The Argus is a local newspaper based in Brighton and Hove in East Sussex, England, with editions serving the city of Brighton and Hove and the other parts of both East Sussex and West Sussex. The paper covers local news, politics and sport, including the city's largest football club Brighton & Hove Albion FC.
Founded in 1880, and for many years known as the Evening Argus, the newspaper is owned by Newsquest (since 1999, part of the US Gannett media group) which in 1996 bought The Argus and its sister Westminster Press titles from the provincial papers group's parent, the Pearson Group. The Argus reached a peak circulation of 100,000 in the early 1980s but, like most of its counterparts in the British regional press, has since experienced a considerable decline in sales. In the period December 2010 to June 2011, the paper had an average daily circulation of 24,949 but by the period January to June 2013, average daily sales had dropped to 16,622. For the period July to December 2017 average daily circulation had fallen to 10,581.
The Argus was forced to postpone celebrations of its 140th anniversary in 2020 due to the COVID-19 pandemic. Reporters from the publication appeared in a Channel 4 News feature broadcast in February 2021, looking at how the pandemic impacted Brighton.
The newspaper was highly commended in 2021 at the Society of Editors' Regional Press Awards in the daily newspaper of the year category.
In September 2021, journalists at the paper were working remotely pending a move to a new office, which was expected to take place by the end of the year.[needs update]
In February 2018 The Argus was found by the Independent Press Standards Organisation (IPSO) to have breached its Editors' Code of Practice with regard to a story which it had published the previous September. IPSO found that the newspaper had behaved in a discriminatory way in its reporting of a court case by describing the plaintiff as an "amputee" in a headline and referring to his disability in the body of the article, in spite of the fact that the crime of which he was accused was "plainly irrelevant to his physical disability". The committee found the reportage to be "a serious and unjustified breach of the Code" and was "extremely concerned" by the "serious failure in relation to both staff training and editorial oversight of material published by the newspaper." Further, IPSO was "deeply concerned about the newspaper’s handling of the complaint" and found that "the newspaper’s decision to make its offer to remove the material conditional on the complainant agreeing not to pursue his complaint further, was not a suitable or satisfactory response." As remediation, the newspaper was ordered to publish IPSO's findings both on its website and in its print edition.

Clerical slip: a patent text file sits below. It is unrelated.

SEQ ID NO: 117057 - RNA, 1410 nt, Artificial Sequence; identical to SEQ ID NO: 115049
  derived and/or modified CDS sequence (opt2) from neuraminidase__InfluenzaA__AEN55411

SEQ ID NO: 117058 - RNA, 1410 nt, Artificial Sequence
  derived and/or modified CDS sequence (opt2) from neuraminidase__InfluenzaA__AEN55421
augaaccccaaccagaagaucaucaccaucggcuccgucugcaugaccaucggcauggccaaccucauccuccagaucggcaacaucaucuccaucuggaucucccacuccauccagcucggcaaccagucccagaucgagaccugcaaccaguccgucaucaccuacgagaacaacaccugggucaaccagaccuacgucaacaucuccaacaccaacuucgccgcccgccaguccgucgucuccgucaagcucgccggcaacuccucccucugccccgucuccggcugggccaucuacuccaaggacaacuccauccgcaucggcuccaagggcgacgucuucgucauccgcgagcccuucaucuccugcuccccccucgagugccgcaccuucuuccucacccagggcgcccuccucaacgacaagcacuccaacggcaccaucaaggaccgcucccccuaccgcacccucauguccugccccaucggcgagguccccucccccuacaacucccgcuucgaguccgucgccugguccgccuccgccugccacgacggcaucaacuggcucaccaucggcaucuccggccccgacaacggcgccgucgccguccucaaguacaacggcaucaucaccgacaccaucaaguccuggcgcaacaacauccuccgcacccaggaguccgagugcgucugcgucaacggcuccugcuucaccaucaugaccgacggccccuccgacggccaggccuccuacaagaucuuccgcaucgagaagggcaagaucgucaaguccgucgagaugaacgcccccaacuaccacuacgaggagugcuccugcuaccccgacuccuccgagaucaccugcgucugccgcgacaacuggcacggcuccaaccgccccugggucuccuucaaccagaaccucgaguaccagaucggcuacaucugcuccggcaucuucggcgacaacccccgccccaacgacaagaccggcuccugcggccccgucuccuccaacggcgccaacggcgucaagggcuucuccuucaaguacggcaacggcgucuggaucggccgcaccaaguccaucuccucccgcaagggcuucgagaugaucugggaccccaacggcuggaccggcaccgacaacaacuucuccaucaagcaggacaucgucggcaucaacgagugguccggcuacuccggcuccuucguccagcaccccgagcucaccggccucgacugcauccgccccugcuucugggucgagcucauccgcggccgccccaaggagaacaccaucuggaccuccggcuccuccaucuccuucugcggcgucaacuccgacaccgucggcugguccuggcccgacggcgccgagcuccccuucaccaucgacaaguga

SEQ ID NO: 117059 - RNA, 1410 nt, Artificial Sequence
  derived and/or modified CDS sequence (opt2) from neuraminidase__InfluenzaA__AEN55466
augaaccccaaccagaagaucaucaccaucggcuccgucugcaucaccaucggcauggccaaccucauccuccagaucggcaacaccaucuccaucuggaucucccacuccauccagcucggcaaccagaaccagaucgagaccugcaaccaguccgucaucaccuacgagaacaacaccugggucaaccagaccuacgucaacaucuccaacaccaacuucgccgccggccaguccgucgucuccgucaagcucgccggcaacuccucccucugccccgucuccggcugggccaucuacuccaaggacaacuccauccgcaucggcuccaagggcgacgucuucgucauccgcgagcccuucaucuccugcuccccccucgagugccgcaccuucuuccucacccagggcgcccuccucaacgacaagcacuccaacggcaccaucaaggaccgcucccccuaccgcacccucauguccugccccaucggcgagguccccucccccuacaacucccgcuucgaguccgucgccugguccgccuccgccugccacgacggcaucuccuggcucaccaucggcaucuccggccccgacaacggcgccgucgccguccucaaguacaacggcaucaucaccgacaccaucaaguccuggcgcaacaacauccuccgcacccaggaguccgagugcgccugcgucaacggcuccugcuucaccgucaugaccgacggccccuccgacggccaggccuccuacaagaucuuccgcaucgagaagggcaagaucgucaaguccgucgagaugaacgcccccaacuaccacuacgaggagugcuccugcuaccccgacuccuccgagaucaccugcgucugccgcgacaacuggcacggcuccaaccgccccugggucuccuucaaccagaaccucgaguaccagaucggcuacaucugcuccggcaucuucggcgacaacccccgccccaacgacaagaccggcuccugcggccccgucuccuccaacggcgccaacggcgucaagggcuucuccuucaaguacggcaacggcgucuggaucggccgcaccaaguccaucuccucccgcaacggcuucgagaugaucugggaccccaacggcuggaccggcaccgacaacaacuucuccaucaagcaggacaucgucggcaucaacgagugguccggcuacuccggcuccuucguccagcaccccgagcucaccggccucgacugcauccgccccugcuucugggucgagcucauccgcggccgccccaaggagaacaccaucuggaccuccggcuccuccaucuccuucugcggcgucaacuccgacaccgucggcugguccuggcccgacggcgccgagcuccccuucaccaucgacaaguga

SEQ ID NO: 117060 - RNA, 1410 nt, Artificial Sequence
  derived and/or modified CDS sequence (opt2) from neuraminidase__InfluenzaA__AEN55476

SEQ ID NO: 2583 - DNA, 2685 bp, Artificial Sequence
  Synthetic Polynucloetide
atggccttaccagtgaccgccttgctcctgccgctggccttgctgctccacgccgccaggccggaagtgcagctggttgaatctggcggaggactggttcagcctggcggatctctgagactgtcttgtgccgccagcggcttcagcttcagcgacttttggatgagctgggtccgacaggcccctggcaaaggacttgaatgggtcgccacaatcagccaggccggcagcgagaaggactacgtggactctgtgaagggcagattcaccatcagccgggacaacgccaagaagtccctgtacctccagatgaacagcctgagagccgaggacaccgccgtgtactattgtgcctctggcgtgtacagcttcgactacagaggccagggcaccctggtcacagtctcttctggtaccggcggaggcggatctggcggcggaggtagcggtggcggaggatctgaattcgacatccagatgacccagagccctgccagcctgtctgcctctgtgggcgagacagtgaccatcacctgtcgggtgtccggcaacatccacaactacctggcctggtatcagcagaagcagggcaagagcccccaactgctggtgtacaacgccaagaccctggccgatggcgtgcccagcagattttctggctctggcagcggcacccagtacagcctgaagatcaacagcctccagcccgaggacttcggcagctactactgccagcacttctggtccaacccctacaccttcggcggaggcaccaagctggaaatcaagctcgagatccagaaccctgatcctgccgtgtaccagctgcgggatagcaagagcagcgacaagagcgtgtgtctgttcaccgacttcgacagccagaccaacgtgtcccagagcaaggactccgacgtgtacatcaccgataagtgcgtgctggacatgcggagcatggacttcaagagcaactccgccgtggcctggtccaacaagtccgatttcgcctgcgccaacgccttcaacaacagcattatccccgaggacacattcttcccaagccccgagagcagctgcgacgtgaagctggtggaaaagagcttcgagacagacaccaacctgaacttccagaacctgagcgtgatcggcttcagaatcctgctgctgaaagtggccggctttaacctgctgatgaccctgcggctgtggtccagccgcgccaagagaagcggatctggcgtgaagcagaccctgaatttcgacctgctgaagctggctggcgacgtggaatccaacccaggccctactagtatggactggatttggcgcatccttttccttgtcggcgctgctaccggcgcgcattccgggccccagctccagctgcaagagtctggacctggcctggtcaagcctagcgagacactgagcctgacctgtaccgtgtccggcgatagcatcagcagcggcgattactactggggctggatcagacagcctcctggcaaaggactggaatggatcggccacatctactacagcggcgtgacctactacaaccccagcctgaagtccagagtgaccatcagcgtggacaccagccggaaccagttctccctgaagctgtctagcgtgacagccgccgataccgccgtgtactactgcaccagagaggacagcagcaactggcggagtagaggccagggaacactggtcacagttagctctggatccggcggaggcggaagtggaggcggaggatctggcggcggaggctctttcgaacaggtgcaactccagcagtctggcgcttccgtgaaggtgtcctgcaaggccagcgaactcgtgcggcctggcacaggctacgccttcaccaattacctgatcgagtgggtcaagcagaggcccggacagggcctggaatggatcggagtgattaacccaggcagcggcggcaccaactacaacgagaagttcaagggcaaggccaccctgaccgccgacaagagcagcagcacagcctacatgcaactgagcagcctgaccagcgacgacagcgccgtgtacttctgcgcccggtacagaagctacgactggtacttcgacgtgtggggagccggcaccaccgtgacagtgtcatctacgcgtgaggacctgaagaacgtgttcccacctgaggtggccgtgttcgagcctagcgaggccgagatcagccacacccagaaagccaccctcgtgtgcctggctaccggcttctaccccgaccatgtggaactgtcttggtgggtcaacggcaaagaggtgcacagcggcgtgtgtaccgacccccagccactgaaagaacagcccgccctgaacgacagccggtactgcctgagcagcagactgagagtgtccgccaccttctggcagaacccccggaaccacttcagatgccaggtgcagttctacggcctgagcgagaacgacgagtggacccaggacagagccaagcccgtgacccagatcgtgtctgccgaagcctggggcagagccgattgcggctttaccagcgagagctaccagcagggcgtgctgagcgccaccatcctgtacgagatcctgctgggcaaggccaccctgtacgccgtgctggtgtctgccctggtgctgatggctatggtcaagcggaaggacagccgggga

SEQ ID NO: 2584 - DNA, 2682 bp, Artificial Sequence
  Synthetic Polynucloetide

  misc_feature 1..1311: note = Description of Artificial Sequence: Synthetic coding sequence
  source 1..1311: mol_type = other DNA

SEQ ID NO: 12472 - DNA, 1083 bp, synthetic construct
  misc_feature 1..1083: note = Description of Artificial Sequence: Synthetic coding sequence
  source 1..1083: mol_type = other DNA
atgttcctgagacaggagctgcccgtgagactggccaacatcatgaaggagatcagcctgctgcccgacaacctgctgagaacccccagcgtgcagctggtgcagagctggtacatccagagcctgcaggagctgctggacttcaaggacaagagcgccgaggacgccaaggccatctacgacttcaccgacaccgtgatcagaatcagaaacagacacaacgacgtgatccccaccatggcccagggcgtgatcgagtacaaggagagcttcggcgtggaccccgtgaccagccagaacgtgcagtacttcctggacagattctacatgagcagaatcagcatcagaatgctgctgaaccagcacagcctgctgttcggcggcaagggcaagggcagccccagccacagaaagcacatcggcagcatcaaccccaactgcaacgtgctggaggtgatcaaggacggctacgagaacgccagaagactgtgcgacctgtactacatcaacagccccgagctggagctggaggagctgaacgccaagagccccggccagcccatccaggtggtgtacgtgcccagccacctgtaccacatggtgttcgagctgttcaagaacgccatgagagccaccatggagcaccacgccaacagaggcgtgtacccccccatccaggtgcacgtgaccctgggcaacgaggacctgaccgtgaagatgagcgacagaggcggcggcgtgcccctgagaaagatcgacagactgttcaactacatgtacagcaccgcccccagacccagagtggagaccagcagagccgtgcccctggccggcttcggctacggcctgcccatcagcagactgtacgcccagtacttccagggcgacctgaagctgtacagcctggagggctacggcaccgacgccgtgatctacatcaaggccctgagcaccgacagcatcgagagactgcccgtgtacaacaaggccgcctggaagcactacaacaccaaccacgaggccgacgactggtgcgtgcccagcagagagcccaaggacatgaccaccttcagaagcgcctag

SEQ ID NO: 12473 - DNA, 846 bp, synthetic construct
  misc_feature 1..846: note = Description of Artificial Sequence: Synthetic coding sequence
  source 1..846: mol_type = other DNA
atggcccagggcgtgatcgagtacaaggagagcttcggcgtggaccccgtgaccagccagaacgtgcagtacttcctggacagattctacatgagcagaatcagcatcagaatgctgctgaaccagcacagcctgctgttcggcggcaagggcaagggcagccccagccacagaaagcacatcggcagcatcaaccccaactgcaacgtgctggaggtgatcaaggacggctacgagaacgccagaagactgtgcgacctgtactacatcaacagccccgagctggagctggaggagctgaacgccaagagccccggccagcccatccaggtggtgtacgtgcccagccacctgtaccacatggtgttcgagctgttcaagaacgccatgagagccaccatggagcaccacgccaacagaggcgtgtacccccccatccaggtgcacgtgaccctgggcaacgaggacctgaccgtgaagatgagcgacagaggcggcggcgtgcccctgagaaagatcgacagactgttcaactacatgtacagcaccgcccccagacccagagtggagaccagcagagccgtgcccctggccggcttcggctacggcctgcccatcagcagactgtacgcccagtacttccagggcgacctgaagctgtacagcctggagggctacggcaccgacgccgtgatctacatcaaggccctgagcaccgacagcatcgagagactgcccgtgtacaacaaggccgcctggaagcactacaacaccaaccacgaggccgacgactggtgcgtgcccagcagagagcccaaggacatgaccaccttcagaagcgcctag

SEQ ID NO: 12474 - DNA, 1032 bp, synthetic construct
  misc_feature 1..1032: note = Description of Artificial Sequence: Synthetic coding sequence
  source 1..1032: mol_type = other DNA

In October 2018, Newsquest paid "a substantial sum" in compensation and legal costs to a Shoreham businessman whom The Argus had wrongly claimed was connected with the 2017 Manchester Arena bombing and falsely alleged was an "ISIS sympathiser". The complainant's barrister said that he had been caused "very great distress, anxiety and damage to his reputation". Following the High Court verdict, a Newsquest representative admitted the report was "wholly false" and apologised.
In November 2018 the paper was forced[by whom?] to publish an apology after falsely reporting that a man had supplied drugs to Geordie Shore star Aimee Spencer before she fell to her death.